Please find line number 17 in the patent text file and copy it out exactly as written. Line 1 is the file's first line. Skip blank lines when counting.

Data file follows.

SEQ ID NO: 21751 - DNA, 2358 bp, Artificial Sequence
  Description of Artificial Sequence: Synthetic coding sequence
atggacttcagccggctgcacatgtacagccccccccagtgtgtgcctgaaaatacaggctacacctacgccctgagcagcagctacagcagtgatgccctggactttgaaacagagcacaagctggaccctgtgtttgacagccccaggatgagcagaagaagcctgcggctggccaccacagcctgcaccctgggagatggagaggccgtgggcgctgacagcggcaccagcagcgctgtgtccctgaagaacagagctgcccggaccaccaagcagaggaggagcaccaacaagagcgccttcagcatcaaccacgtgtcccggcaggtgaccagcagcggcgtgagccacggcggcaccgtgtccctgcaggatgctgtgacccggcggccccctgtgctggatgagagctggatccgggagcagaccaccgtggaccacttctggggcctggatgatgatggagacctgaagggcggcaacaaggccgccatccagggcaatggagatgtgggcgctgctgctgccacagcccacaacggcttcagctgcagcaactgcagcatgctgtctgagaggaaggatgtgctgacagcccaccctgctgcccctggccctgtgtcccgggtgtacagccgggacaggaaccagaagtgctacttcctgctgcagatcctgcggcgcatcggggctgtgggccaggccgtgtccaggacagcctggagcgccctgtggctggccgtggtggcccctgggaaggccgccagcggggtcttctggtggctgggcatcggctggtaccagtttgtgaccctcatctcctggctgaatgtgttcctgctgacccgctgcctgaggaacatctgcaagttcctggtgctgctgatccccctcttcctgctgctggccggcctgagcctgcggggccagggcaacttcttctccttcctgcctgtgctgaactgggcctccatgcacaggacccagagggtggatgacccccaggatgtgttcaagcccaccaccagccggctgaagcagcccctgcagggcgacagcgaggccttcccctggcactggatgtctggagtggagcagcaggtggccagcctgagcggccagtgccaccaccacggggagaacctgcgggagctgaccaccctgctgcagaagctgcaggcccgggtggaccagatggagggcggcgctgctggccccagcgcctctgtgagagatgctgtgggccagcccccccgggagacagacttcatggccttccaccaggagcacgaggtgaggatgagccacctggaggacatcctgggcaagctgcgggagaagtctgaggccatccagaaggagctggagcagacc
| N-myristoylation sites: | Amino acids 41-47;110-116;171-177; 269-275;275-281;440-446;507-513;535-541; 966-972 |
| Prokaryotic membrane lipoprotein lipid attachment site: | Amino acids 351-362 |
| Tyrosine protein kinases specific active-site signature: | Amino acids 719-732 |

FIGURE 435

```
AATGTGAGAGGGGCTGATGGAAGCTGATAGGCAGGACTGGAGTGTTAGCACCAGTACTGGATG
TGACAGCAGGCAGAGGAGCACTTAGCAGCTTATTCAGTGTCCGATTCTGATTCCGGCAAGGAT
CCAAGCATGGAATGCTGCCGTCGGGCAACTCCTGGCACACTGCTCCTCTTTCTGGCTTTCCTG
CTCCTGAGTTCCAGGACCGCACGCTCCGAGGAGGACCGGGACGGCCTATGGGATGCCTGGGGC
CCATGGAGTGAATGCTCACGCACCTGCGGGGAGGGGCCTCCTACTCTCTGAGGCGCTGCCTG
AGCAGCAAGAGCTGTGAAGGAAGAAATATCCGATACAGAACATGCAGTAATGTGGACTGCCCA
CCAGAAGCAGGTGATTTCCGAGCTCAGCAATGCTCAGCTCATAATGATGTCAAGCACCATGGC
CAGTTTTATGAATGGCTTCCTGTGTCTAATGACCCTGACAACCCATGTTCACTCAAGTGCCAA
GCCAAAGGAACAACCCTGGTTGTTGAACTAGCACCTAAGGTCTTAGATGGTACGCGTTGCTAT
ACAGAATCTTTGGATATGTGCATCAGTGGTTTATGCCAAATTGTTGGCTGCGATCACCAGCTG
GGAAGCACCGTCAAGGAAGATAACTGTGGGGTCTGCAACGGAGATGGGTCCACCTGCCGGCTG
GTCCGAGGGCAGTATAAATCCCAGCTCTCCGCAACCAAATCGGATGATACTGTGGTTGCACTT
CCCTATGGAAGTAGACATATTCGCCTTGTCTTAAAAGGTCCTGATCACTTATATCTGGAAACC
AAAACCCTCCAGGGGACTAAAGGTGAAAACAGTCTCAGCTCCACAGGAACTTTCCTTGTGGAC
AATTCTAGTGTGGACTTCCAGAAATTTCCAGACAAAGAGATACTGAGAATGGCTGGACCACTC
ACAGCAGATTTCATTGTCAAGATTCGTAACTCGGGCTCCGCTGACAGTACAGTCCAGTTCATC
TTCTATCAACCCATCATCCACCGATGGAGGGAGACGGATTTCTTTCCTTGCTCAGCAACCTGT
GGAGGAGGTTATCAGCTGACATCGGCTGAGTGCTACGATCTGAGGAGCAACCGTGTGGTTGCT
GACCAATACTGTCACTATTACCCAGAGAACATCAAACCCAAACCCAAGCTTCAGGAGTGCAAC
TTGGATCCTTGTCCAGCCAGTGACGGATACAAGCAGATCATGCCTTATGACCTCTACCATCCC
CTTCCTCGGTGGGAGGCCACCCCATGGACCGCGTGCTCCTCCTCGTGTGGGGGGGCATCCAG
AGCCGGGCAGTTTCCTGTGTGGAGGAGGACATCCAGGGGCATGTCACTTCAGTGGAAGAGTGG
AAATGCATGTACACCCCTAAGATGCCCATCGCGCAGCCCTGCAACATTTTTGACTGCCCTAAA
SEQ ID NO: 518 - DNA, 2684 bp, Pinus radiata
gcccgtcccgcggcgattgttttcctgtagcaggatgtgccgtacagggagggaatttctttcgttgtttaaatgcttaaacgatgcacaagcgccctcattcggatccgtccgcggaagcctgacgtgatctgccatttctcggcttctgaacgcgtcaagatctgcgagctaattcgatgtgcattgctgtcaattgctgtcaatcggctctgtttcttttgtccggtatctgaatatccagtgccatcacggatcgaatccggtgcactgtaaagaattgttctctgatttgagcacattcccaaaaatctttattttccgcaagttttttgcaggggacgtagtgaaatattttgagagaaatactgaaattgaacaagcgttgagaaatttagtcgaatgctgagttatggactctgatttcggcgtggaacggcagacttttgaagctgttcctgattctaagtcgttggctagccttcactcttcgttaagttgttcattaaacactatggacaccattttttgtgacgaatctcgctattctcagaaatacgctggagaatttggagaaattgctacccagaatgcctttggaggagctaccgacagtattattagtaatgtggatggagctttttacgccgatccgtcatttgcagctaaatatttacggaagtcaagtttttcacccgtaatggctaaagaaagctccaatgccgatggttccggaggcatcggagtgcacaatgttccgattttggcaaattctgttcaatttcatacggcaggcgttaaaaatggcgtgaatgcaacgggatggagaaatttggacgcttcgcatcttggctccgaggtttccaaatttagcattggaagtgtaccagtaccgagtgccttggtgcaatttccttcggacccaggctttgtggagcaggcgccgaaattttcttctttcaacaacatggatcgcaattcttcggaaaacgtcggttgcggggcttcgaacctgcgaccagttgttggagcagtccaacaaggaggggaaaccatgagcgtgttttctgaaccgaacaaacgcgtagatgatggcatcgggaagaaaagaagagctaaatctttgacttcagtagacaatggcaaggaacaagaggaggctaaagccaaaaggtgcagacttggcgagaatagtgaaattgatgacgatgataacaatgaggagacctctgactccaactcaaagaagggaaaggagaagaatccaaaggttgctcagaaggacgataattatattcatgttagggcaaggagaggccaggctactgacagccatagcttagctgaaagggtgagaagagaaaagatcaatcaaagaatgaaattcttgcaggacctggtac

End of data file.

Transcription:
GCCAAAGGAACAACCCTGGTTGTTGAACTAGCACCTAAGGTCTTAGATGGTACGCGTTGCTAT